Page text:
With Criminal Case Dismissed, General Motors' Ignition Switch Fiasco Nears An End

Four years after launching a massive, incredibly delayed recall aimed at preventing further deaths from its faulty ignition switches, General Motors freed itself from a criminal case launched in the scandal’s wake.

Earlier this week, federal prosecutors in New York wrote U.S. District Judge Alison Nathan, compelling him to dismiss the case. Nathan approved the request, lifting GM free of the caudron. The rationale for dismissing the two criminal charges — concealing evidence from federal officials and wire fraud — comes down to good behavior on GM’s part, something that certainly doesn’t describe its past actions.

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GM to Appeals Court: Respect Our Bankruptcy!

General Motors hopes to avoid paying up to $10 billion in liabilities by challenging last month’s appeals court ruling in the faulty ignition switch saga.

The automaker wants a rehearing after the court ruled that it couldn’t use its 2009 bankruptcy to block hundreds of crash-related lawsuits, according to the Wall Street Journal.

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A Judge Just Put Hundreds of GM Ignition Lawsuits Back On the Books

General Motors had hoped to put the issue behind it, but a judge’s ruling just opened the automaker up to billions in damages over its faulty ignition switch scandal.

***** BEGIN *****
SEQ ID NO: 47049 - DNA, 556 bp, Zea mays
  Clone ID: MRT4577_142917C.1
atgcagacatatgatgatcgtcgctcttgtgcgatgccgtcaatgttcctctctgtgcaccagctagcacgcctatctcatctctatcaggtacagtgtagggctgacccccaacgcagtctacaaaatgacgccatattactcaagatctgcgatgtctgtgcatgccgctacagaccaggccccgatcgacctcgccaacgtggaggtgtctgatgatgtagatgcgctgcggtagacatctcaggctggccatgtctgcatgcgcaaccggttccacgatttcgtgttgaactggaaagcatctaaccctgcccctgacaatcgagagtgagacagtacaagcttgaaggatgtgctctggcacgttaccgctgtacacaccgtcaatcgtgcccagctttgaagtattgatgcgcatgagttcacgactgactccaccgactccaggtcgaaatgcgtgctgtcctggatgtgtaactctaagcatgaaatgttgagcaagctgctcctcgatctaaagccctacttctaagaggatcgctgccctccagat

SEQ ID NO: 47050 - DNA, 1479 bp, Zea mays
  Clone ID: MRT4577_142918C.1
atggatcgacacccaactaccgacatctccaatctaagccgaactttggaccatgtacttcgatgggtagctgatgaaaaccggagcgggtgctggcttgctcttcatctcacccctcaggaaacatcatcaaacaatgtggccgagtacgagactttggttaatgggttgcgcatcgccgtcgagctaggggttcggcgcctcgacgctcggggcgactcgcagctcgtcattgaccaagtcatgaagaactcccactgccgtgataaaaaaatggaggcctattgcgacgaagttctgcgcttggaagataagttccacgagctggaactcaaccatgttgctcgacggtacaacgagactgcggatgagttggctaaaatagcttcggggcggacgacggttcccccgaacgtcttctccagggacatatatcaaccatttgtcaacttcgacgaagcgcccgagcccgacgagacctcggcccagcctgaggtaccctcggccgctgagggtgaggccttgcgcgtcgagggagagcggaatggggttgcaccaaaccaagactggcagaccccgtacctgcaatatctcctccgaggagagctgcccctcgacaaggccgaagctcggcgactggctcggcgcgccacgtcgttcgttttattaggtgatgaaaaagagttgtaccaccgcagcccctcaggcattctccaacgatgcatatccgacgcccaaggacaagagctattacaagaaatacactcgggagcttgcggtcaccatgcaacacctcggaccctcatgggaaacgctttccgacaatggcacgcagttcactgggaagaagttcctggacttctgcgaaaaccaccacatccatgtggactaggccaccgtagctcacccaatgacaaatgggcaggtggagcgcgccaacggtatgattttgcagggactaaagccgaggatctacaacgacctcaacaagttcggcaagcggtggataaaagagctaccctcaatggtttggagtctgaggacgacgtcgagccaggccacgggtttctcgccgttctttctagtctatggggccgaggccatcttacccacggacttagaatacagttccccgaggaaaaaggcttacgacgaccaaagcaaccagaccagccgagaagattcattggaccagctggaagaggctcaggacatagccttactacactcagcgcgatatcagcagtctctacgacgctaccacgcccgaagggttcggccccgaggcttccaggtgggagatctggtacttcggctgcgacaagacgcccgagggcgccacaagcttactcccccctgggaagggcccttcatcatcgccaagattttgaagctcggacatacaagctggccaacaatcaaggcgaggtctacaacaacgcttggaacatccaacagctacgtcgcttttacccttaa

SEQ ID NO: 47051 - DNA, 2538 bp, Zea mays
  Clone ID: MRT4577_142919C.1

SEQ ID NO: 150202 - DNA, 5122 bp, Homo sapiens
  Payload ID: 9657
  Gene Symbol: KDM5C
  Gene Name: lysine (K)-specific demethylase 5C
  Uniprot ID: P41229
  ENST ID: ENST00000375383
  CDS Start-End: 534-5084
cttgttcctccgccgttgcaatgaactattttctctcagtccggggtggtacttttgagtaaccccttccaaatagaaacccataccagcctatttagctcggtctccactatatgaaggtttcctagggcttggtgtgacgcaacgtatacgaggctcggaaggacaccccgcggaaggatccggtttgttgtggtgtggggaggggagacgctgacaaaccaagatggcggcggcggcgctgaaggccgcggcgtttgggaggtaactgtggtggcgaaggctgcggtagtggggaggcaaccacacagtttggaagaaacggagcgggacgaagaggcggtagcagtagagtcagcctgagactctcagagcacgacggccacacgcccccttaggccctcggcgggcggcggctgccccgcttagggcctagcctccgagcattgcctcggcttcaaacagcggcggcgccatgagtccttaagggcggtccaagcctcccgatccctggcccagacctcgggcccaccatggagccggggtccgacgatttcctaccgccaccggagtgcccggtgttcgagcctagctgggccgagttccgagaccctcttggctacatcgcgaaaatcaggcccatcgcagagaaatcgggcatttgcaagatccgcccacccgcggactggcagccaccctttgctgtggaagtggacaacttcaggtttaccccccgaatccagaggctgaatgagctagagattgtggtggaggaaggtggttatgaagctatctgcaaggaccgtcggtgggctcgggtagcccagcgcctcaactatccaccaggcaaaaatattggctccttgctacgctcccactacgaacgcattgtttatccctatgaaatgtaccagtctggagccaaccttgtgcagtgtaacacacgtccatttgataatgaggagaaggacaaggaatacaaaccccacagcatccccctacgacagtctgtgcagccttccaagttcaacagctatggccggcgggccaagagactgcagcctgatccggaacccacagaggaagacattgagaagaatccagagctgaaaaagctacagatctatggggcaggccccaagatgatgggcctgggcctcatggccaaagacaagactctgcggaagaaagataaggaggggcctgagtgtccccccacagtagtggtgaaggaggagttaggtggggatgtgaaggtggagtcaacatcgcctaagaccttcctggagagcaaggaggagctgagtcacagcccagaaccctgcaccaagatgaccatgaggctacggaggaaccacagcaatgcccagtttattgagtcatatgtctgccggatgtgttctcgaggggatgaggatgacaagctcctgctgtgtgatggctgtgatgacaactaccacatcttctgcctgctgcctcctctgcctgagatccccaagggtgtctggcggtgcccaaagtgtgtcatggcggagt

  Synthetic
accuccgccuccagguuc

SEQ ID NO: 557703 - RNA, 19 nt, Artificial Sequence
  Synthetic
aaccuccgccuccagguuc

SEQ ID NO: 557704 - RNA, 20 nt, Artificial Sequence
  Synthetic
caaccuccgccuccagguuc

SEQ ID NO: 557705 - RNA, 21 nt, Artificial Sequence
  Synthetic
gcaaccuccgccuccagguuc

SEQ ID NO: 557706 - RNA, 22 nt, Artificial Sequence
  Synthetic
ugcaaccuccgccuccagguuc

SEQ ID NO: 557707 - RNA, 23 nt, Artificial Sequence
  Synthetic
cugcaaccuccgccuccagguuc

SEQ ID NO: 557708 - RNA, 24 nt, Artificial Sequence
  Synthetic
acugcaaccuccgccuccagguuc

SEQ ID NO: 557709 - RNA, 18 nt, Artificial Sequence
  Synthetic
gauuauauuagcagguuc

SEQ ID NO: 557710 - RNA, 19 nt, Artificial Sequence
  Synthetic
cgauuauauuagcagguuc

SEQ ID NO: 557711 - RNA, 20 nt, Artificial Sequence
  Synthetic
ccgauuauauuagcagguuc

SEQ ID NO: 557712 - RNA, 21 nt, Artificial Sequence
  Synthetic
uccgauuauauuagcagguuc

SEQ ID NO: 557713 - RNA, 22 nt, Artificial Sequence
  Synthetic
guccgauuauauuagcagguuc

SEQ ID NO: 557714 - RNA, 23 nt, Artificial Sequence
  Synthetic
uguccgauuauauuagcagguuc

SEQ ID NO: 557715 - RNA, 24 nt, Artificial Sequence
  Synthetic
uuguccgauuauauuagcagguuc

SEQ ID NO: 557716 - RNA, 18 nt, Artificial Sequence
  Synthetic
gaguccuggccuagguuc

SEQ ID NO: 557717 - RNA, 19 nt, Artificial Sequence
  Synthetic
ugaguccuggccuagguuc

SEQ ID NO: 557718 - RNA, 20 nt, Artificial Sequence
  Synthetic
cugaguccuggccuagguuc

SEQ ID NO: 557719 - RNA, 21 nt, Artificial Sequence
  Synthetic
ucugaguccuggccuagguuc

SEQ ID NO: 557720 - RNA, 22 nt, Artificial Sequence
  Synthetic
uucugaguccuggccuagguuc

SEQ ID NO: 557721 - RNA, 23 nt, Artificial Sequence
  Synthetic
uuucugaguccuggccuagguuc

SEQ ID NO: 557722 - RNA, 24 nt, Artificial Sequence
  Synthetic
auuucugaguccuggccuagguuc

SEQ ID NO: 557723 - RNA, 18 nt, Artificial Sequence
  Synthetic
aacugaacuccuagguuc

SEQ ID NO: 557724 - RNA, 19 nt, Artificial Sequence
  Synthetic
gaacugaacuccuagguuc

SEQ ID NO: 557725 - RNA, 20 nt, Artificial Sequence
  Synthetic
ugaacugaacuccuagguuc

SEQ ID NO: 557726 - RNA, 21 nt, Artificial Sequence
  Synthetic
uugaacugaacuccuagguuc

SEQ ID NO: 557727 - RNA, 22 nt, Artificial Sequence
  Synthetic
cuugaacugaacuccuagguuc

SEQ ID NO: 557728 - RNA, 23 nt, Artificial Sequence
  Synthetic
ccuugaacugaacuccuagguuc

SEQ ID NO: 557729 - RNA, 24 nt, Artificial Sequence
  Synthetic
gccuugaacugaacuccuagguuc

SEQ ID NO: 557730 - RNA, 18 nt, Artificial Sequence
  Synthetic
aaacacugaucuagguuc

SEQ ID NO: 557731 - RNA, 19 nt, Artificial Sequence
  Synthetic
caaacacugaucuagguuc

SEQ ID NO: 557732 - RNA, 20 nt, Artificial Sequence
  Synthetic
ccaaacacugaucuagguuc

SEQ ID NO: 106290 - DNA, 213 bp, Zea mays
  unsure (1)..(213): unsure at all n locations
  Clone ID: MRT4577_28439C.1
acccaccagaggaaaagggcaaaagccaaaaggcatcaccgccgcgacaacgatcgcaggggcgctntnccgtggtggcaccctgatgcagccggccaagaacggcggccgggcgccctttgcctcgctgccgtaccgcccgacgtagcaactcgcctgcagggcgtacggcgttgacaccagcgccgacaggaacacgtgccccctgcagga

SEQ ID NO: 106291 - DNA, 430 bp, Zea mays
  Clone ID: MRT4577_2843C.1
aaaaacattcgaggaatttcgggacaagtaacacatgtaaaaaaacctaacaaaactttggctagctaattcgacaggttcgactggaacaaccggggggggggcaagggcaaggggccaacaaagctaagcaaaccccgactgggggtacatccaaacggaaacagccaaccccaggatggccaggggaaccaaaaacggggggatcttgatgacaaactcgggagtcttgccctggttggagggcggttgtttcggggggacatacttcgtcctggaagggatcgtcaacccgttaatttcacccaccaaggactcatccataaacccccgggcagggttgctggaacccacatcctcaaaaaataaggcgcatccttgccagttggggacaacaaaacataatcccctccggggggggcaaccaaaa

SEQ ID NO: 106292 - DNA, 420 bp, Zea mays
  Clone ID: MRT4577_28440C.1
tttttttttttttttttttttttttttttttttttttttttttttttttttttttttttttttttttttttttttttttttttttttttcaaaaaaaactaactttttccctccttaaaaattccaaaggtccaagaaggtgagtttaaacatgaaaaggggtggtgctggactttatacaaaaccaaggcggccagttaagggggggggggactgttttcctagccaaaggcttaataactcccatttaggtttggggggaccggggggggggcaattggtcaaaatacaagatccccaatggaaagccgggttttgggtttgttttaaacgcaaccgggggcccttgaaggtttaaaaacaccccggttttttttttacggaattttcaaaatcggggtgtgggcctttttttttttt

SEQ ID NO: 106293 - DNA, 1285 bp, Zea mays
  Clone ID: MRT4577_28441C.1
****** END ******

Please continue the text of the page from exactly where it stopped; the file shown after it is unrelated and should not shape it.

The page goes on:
Yesterday, the U.S. Appeals Court of Manhattan ruled that lawsuits filed against the automaker for accidents that happened before the company’s 2009 bankruptcy sale were still valid. The decision overruled an earlier court decision that protected GM from such suits.

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BREAKING: Jury Says GM Sold Faulty Ignition Switches, But They Didn't Cause Crash

A federal jury has concluded that while General Motors sold cars with defective ignition switches, they weren’t the cause of a Louisiana accident, Reuters is reporting.

The two-week trial — the second related to the scandal — concerned the crash of a 2007 Saturn Sky on a New Orleans bridge that complainants Dionne Spain and Lawrence Barthelemy said was caused by a faulty ignition switch.

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TTAC News Round-up: Volkswagen E-Stall, Jeep Debut Has a Latin Flavor, and GM Has a Good Day in Court

If you didn’t think an electric car could stall, Volkswagen has a Golf-sized dose of reality for you.

That, Jeep’s Compass/Patriot successor wants to woo south of the Equator, General Motors gets some good legal news, there’s money in them there charging stations, and Volvo gets a PR boost … after the break!

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TTAC News Round-up: Toyota's a Big Tease, New Lada Savior, and Buick Puts the Avista Away Forever

Toyota is hoping to break the internet with an alluring butt shot of an upcoming Prius variant.

That, a new guy will turn around Lada (again), Buick says you’ll never drive an Avista, the second GM ignition trial begins, and Google’s got its eye out for buses … after the break!